On June 18, 2009, the U.S. Supreme Court held in Gross v. FBL Financial Services, Inc. (No. 08- 441), that an employee bringing a disparate treatment claim under the Age Discrimination in Employment Act (ADEA) “must prove, by a preponderance of the evidence, that age was the ‘butfor’ cause of the challenged adverse employment action.”
Plaintiff Jack Gross, an employee at FBL Financial Group, sued his employer, alleging that it demoted him based on age when it reassigned him to a new position and transferred many of his job responsibilities to a younger employee who was formerly his subordinate. The District Court instructed the jury to return a verdict for Gross if he proved, by a preponderance of the evidence, that age was a motivating factor in FBL’s choice to demote him. The Eighth Circuit reversed, holding that the jury should not find for Gross unless he presented “direct evidence” that age was a motivating factor in his demotion.
In a 5-4 decision, the Supreme Court vacated and remanded. Although the question presented to the Court was “whether a plaintiff must present direct evidence of age discrimination in order to obtain a mixed-motives jury instruction [in an ADEA suit],” Justice Thomas, writing for the majority, found a threshold issue determinative: whether the ADEA authorizes a so-called mixed-motive discrimination claim in the first instance.
In Price Waterhouse v. Hopkins, the Court held that in a Title VII action the burden of persuasion shifts to the employer when the plaintiff shows that race or gender was a motivating factor in the employer’s adverse employment action. The employer then must prove that it would have taken the same adverse action even in the absence of a discriminatory motive. Many Courts of Appeals previously held that this burden-shifting framework also applied to discrimination claims brought under the ADEA.
The Court, however, rejected the analogy between ADEA and Title VII claims. The Court noted that although Congress codified the Price Waterhouse holding by amending Title VII, Congress did not make similar amendments to the ADEA. Moreover, the Court emphasized that it has never applied the Price Waterhouse burden-shifting framework to ADEA claims. Finally, the Court suggested that Price Waterhouse may have been improperly decided, and that applying Price Waterhouse’s rationale to ADEA claims could be problematic because its burden-shifting framework has created many practical difficulties for the courts.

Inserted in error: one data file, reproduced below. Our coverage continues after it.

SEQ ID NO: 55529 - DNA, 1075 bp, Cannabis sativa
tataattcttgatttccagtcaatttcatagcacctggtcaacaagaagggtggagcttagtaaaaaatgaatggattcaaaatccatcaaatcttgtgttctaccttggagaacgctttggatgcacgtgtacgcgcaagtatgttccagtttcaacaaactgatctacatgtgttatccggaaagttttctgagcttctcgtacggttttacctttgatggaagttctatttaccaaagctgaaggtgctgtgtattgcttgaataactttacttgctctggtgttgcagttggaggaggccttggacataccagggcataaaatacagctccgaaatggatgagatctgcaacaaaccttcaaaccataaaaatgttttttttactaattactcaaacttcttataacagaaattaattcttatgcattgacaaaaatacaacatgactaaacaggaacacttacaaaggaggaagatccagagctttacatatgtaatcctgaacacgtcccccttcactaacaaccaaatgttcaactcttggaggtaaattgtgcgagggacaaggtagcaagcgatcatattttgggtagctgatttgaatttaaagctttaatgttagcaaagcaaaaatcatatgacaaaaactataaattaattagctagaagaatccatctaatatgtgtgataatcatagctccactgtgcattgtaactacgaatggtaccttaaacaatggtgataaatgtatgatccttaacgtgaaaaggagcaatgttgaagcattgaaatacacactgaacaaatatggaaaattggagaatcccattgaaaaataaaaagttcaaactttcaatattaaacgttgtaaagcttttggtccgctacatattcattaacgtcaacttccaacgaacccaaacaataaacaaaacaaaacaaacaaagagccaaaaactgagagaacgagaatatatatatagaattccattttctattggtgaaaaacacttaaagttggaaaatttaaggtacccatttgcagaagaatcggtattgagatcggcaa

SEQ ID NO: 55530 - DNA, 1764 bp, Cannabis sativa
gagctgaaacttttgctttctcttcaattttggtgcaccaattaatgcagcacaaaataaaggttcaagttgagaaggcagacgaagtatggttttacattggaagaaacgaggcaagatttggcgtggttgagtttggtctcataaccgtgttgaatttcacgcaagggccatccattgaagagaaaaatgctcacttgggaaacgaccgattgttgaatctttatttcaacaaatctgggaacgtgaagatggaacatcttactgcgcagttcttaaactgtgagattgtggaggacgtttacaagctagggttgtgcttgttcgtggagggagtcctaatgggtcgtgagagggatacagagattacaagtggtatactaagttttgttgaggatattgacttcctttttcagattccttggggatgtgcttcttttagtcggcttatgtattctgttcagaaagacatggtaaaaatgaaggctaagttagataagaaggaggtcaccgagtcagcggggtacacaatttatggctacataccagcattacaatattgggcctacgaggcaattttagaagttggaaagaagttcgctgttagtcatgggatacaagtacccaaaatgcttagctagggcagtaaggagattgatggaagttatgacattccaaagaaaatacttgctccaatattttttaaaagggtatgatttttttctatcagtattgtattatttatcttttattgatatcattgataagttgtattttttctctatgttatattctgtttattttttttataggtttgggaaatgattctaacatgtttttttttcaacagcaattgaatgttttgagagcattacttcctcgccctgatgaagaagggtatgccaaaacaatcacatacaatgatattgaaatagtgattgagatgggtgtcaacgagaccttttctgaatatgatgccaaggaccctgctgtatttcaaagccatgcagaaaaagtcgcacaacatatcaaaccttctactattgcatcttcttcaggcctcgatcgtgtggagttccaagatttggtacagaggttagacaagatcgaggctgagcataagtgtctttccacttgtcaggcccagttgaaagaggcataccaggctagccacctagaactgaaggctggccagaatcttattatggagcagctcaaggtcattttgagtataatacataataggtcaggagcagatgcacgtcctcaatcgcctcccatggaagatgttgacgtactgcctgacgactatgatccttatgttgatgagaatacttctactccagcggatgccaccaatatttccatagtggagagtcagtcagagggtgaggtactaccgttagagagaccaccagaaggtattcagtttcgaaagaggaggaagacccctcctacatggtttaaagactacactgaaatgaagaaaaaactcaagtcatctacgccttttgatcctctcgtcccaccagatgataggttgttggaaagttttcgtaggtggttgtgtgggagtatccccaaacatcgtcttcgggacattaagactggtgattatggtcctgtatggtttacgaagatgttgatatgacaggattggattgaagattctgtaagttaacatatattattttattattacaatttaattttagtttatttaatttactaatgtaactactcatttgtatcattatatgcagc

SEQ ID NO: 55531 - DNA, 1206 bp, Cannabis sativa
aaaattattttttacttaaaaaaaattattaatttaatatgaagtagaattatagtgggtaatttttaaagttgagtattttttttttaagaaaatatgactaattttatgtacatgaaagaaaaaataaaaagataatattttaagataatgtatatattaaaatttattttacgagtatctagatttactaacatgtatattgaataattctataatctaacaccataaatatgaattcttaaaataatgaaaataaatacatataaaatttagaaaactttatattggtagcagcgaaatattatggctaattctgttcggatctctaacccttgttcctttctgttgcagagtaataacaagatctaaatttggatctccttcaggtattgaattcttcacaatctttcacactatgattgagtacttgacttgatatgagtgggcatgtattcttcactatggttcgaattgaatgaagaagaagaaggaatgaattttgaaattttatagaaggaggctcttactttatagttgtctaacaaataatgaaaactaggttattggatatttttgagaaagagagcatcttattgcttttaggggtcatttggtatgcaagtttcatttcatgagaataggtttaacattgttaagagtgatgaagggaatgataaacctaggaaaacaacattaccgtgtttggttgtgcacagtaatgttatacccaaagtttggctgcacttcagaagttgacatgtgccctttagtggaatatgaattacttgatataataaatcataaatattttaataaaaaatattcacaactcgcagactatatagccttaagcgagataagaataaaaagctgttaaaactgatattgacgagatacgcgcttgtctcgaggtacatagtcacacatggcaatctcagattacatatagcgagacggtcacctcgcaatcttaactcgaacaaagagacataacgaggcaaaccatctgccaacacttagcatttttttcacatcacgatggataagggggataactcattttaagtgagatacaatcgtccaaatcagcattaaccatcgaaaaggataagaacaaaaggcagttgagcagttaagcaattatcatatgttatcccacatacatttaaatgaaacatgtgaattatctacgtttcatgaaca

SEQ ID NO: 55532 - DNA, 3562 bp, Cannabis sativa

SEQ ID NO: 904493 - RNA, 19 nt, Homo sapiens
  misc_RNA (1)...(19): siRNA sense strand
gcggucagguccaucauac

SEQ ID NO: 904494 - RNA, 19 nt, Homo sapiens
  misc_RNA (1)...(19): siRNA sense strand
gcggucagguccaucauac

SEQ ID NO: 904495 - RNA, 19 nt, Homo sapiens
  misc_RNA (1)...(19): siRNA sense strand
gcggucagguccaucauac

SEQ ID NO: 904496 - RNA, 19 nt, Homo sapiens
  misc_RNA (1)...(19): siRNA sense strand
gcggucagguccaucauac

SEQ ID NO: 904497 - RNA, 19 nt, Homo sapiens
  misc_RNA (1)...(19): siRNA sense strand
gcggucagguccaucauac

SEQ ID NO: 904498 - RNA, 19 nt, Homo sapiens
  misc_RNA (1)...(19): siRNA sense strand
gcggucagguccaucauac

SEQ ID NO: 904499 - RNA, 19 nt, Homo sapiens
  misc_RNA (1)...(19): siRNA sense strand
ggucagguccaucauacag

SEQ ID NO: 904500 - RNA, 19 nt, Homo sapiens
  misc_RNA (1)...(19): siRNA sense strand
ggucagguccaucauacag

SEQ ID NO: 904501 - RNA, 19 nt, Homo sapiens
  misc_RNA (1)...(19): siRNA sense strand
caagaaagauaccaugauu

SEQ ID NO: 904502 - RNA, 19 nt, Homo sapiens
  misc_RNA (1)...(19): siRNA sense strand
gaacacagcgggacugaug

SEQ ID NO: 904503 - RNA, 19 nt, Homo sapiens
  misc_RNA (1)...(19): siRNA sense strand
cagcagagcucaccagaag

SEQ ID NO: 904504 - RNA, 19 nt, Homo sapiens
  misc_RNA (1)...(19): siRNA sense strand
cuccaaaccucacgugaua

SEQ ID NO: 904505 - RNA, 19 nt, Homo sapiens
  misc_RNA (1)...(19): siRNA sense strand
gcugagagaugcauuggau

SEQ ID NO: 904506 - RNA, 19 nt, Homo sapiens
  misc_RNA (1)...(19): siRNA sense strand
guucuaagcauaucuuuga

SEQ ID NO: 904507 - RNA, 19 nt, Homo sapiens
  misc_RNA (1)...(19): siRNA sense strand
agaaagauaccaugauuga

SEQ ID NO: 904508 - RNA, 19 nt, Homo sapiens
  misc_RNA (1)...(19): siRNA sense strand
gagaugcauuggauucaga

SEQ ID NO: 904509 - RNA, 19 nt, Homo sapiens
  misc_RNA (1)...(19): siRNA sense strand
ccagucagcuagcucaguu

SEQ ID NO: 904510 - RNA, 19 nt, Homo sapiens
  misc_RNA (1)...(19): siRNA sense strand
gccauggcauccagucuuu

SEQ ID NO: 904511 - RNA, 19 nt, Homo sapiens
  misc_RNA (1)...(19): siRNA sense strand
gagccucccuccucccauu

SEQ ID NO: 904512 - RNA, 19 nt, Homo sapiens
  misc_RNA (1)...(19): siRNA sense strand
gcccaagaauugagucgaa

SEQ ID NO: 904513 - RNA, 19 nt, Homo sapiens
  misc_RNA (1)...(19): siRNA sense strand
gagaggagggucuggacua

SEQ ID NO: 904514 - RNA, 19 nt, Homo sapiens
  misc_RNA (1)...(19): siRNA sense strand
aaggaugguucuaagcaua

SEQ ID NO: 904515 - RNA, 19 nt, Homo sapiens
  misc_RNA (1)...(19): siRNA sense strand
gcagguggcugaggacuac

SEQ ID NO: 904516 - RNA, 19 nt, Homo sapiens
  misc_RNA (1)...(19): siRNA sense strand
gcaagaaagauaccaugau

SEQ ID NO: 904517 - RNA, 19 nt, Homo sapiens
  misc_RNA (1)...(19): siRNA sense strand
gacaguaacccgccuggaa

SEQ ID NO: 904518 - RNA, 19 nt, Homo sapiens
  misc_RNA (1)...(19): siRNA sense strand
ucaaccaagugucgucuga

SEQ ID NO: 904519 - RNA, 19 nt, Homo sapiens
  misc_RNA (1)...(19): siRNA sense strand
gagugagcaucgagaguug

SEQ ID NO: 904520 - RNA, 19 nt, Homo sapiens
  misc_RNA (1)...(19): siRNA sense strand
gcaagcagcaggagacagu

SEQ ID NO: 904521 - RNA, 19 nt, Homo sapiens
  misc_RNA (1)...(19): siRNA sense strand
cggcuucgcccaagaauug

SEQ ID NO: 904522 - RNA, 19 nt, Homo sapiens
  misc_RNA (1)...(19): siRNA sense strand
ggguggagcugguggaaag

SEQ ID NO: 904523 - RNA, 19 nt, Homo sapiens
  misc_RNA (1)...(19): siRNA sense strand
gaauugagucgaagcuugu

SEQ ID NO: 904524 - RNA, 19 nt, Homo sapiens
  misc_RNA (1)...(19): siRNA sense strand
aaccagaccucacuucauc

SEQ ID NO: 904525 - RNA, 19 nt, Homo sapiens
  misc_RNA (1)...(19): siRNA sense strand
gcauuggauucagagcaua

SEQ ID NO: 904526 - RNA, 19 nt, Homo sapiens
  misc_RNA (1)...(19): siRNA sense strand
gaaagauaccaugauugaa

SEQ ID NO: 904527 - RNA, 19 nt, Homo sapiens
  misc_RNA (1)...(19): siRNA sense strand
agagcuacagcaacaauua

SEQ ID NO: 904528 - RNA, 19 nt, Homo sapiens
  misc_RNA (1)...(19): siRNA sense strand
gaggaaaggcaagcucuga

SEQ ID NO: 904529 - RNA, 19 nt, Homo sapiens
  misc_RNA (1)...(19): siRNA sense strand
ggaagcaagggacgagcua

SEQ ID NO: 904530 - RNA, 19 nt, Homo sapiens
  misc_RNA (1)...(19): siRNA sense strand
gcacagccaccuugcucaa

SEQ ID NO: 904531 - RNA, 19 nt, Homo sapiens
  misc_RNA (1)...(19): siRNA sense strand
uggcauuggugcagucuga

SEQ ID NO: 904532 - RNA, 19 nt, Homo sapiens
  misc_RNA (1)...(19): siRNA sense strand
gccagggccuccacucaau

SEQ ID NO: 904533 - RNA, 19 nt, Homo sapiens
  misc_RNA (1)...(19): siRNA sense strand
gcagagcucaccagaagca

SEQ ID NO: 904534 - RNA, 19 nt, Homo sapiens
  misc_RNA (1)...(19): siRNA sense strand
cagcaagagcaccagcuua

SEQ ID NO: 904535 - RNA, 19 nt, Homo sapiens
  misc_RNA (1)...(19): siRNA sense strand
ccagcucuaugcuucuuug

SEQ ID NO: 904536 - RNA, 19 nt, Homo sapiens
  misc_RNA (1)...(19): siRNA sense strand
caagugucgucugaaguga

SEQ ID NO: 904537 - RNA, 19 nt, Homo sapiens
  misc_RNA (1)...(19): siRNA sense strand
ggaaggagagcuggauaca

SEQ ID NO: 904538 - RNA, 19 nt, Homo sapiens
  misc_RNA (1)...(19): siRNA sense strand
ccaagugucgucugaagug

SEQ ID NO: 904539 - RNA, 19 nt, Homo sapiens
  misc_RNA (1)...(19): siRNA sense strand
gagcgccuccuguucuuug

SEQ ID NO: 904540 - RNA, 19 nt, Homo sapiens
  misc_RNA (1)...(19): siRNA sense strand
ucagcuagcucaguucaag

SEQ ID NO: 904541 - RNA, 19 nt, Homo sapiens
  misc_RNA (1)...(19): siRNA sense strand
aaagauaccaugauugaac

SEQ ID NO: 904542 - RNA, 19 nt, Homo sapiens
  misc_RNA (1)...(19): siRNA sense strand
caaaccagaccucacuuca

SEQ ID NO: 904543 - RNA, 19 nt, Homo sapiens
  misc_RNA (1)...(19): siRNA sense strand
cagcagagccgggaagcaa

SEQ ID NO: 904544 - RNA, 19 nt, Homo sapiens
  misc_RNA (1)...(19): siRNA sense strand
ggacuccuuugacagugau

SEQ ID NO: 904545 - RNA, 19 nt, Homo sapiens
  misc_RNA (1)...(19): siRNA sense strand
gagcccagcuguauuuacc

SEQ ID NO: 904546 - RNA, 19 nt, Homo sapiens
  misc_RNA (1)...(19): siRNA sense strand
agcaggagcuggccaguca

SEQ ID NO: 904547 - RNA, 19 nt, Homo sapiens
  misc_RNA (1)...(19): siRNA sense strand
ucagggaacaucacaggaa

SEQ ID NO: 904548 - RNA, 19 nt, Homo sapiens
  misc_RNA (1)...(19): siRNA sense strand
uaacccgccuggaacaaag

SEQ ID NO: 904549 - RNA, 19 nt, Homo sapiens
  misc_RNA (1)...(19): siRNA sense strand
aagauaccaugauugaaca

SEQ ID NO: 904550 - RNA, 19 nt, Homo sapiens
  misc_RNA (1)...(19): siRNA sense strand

The Court also examined the text of the ADEA, noting that the statute prohibits employers from taking certain actions “because of” age. Accordingly, because dictionaries define the words “because of” to mean “by reason of,” on account of,” or “as the cause of an event,” an ADEA disparate-treatment plaintiff must prove that an employer would not have taken adverse employment actions against the plaintiff “but-for” the plaintiff’s age.
Two justices wrote dissenting opinions. Justice Stevens, joined by three other justices, objected in part on the ground that both Title VII and the ADEA prohibit discrimination “because of” certain characteristics, and therefore the majority’s reading of the ADEA is inconsistent with the settled reading of the same language in Title VII. Moreover, Justice Stevens noted that all of the Courts of Appeals that have considered this issue have applied Price Waterhouse to ADEA claims. Justice Breyer, joined by two other justices, commented that proving “but-for” causation in a typical tort case involves reasonably concrete proof, but that this is a much more difficult task when proving motive in a discrimination case.
For the time being, the holding in Gross favors employers who face ADEA disparate-treatment claims as it essentially eliminates ADEA “mixed-motive” claims. However, some commentators suggest that Congress will move quickly to amend the ADEA to expressly permit these claims.